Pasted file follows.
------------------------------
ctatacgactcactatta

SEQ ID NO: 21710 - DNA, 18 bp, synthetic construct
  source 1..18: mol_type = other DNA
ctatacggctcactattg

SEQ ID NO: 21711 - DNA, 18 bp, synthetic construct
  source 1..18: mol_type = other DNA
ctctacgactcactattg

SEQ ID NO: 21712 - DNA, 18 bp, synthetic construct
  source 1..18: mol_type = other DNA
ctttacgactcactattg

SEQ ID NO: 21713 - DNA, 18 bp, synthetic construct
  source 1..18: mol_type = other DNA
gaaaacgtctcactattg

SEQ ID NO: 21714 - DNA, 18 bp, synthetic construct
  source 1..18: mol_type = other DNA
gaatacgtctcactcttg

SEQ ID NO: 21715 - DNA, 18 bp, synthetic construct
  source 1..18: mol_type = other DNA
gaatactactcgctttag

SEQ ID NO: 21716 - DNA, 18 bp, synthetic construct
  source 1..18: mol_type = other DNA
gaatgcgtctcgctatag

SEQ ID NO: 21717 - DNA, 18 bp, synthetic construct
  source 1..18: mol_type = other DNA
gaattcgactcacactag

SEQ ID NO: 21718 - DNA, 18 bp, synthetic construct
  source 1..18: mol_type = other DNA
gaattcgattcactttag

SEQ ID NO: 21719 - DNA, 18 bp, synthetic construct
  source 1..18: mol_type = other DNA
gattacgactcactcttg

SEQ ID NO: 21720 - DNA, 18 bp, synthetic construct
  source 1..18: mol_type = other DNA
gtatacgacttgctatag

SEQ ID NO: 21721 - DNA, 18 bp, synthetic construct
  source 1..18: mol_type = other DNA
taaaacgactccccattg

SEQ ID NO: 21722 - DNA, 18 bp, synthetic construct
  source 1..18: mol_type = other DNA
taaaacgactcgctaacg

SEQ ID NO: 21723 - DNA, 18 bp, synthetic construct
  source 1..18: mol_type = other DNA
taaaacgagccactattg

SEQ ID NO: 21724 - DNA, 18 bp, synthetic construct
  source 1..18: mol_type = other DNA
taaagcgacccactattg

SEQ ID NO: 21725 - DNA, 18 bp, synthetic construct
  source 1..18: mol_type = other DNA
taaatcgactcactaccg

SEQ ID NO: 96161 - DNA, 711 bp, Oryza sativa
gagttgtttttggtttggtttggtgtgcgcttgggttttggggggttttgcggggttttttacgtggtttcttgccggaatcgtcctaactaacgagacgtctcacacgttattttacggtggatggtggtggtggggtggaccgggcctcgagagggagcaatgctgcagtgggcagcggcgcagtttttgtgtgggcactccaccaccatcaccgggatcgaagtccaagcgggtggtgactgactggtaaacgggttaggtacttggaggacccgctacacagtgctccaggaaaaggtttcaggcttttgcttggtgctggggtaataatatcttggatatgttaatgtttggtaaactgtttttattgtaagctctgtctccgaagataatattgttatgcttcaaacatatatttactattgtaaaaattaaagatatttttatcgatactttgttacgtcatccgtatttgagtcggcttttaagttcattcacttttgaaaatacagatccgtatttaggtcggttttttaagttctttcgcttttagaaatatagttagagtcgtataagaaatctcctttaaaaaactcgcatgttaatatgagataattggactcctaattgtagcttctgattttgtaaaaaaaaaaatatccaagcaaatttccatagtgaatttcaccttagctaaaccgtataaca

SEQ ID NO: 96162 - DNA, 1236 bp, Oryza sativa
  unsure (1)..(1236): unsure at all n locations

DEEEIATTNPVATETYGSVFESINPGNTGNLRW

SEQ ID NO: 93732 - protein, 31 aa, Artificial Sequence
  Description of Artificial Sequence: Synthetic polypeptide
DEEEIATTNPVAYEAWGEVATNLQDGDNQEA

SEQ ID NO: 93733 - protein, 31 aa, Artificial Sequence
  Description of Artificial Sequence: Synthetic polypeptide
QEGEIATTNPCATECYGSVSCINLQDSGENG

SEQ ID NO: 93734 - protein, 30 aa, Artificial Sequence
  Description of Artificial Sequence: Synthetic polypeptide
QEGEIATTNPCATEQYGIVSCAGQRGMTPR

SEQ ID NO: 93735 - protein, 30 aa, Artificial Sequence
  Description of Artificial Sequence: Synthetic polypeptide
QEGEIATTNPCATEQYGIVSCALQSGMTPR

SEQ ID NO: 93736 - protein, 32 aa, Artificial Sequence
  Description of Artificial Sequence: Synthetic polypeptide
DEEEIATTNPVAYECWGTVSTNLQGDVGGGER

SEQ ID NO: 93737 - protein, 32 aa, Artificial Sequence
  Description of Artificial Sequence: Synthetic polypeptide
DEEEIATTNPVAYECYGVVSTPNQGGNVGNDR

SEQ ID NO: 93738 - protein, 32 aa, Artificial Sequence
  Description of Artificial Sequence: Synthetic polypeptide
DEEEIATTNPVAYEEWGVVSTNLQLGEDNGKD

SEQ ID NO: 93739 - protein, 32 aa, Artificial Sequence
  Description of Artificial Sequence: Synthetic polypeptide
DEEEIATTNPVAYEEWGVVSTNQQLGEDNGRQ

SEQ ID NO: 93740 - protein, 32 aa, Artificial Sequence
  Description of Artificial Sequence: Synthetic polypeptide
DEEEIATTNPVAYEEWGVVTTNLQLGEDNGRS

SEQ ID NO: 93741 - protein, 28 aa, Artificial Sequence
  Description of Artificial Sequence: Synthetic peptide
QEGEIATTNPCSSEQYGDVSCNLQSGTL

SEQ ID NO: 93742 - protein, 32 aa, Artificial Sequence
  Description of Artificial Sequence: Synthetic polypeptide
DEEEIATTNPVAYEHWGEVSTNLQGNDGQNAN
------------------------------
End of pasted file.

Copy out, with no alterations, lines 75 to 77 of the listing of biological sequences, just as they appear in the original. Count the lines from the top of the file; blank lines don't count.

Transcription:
DEEEIATTNPVAYEEWGVVSTNLQLGEDNGKD

SEQ ID NO: 93739 - protein, 32 aa, Artificial Sequence
  Description of Artificial Sequence: Synthetic polypeptide